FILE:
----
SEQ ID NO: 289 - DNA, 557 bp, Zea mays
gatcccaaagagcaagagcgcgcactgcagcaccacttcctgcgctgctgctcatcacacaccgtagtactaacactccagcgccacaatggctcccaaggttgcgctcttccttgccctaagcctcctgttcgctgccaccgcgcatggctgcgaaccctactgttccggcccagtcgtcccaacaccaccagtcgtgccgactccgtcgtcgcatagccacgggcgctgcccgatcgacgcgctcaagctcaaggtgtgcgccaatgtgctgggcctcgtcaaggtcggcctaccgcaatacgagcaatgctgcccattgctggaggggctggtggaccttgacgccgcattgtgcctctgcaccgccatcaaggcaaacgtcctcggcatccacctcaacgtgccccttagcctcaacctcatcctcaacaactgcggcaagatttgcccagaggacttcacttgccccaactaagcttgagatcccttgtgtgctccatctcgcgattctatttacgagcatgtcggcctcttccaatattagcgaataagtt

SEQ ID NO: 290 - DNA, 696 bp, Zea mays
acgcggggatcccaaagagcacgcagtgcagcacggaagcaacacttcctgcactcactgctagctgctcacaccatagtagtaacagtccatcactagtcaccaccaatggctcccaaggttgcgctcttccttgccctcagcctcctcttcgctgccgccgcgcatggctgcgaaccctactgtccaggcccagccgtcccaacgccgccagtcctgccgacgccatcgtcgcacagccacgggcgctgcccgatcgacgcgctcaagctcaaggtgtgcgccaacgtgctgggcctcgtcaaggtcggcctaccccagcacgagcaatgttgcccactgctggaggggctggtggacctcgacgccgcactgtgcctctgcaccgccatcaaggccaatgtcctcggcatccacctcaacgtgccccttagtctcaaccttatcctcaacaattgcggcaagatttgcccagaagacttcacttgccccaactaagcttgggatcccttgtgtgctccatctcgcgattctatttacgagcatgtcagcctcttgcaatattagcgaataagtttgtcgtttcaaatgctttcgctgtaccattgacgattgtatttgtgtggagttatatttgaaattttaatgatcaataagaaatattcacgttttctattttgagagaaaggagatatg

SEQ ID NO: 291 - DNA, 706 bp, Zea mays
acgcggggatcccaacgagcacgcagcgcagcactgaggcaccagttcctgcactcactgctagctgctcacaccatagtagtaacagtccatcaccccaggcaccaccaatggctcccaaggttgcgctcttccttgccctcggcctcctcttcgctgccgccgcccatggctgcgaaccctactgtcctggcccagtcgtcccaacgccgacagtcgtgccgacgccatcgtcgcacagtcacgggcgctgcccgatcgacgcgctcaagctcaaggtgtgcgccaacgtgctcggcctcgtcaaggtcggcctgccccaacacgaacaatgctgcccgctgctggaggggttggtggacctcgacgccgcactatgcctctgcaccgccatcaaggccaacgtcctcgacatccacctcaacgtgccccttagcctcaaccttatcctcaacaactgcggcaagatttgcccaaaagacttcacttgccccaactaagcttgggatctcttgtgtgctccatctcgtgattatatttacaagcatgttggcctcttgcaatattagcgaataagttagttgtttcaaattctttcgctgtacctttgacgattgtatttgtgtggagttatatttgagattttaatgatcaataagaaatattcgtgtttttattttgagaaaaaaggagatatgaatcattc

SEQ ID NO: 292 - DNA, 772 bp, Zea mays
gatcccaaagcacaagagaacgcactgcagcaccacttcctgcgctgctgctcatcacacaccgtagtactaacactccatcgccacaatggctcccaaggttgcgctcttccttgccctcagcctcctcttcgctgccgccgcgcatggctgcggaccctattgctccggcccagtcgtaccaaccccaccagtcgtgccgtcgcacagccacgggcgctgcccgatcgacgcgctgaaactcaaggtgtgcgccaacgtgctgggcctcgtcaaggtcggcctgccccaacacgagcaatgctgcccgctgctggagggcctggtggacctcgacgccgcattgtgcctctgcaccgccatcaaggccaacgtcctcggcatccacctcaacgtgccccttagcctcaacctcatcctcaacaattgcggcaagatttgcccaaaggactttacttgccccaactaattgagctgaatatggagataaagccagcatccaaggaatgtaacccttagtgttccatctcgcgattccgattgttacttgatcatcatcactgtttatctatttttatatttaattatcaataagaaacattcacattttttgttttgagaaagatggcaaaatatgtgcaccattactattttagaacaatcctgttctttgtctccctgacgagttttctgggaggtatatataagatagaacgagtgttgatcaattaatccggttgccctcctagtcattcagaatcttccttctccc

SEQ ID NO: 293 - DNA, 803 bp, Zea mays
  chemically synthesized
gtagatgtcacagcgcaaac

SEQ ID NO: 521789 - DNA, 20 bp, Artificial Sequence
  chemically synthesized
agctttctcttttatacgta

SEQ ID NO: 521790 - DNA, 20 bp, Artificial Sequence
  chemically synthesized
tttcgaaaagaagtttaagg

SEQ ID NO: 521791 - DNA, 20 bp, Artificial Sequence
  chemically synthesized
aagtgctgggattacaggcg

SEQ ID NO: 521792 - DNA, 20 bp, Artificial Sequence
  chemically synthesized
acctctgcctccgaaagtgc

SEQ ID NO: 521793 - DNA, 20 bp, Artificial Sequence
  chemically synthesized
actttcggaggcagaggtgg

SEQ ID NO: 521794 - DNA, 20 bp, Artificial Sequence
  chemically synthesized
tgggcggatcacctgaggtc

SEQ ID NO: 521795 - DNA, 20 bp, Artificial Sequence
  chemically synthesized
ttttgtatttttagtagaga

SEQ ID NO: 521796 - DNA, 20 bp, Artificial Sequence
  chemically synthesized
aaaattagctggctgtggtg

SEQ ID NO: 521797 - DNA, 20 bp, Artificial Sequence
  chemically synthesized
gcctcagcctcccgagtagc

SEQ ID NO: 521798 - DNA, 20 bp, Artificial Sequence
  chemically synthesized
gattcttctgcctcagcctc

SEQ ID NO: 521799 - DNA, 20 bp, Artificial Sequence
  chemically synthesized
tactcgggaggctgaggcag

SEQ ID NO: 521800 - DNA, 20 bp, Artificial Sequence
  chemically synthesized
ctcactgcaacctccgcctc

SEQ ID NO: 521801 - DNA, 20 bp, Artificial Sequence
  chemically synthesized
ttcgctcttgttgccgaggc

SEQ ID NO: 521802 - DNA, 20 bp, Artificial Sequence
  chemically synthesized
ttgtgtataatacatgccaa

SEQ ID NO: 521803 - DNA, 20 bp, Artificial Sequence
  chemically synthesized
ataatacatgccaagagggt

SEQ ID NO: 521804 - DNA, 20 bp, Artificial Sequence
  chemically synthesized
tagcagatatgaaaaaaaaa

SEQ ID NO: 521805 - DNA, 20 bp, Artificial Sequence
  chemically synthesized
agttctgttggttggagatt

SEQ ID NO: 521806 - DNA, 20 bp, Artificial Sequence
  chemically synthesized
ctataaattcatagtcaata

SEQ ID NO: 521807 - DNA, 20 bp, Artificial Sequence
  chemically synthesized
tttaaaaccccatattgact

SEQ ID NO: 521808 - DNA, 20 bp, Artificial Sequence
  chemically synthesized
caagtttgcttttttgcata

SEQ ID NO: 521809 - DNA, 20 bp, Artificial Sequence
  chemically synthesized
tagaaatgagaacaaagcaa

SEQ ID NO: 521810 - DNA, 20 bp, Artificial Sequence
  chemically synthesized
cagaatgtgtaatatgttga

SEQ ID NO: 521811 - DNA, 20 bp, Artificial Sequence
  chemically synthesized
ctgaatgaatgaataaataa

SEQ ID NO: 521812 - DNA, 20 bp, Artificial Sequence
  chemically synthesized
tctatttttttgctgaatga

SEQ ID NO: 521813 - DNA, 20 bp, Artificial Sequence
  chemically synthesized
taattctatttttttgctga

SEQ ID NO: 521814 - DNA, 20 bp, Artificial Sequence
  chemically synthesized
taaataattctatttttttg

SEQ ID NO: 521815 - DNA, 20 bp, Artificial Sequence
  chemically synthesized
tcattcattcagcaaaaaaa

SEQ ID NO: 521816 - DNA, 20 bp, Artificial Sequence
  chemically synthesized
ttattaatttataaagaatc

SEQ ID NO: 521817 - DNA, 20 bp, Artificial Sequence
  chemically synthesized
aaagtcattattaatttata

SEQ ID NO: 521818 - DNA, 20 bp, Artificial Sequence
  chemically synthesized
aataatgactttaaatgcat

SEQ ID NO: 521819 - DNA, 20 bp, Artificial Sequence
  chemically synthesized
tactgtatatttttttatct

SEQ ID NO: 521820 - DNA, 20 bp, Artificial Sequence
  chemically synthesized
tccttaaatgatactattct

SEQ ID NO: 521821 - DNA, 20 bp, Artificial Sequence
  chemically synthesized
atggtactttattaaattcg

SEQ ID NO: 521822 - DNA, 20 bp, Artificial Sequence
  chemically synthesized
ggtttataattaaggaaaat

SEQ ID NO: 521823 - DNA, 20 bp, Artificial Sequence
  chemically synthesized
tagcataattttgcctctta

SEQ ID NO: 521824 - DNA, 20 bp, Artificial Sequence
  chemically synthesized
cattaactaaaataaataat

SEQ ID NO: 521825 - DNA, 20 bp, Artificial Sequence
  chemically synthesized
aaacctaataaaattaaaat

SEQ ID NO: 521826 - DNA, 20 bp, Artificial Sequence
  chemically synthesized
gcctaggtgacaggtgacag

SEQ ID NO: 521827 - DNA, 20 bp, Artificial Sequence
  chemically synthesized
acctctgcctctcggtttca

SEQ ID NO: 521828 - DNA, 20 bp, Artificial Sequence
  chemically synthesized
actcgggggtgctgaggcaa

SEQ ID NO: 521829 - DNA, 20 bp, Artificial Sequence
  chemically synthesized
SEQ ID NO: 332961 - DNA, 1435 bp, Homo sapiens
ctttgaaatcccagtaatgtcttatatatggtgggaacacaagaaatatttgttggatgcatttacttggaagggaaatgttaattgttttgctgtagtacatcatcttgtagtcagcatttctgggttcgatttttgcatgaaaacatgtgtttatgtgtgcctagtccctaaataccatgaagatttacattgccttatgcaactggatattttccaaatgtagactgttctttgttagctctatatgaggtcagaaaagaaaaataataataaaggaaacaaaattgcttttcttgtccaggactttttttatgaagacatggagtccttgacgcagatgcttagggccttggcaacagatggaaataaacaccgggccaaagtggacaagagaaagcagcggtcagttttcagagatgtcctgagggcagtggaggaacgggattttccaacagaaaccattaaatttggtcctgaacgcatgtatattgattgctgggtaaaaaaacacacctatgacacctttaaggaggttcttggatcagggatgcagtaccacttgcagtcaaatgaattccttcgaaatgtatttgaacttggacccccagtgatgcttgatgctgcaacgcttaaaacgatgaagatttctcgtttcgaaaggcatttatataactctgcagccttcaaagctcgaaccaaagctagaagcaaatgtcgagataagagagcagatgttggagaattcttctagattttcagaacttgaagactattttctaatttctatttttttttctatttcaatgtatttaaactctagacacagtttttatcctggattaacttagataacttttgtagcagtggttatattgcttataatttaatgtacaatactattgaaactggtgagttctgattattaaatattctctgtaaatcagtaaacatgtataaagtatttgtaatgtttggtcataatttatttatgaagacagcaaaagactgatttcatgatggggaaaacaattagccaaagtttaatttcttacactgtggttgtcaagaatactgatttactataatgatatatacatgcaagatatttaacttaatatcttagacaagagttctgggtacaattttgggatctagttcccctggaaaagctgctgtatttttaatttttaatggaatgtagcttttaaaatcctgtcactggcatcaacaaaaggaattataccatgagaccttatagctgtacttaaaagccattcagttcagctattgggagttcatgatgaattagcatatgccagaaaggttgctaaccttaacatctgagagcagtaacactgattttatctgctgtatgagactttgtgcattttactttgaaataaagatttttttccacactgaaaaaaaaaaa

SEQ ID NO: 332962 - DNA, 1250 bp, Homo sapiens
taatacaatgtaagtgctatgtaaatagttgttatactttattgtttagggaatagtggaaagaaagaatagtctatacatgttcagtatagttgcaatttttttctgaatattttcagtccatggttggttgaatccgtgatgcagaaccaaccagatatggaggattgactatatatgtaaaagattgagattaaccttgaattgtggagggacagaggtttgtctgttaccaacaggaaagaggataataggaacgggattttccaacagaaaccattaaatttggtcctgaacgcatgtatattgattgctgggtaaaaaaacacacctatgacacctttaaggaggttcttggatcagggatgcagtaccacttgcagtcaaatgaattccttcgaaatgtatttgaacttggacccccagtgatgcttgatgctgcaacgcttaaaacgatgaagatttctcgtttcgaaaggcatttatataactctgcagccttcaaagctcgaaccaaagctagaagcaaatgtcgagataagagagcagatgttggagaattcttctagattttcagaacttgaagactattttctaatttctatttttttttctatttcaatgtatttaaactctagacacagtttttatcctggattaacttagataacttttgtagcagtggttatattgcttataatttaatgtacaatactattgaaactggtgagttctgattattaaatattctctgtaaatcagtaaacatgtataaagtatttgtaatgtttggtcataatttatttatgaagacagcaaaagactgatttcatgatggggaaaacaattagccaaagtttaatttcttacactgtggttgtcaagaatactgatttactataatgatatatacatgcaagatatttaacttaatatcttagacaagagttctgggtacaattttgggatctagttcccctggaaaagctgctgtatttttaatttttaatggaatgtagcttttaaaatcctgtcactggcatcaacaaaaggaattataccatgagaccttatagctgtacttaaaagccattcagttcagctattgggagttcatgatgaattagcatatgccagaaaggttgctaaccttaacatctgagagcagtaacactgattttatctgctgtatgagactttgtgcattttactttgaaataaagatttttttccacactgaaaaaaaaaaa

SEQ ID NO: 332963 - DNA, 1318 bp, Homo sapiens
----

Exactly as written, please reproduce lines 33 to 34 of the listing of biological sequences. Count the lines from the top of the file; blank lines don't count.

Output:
SEQ ID NO: 521796 - DNA, 20 bp, Artificial Sequence
  chemically synthesized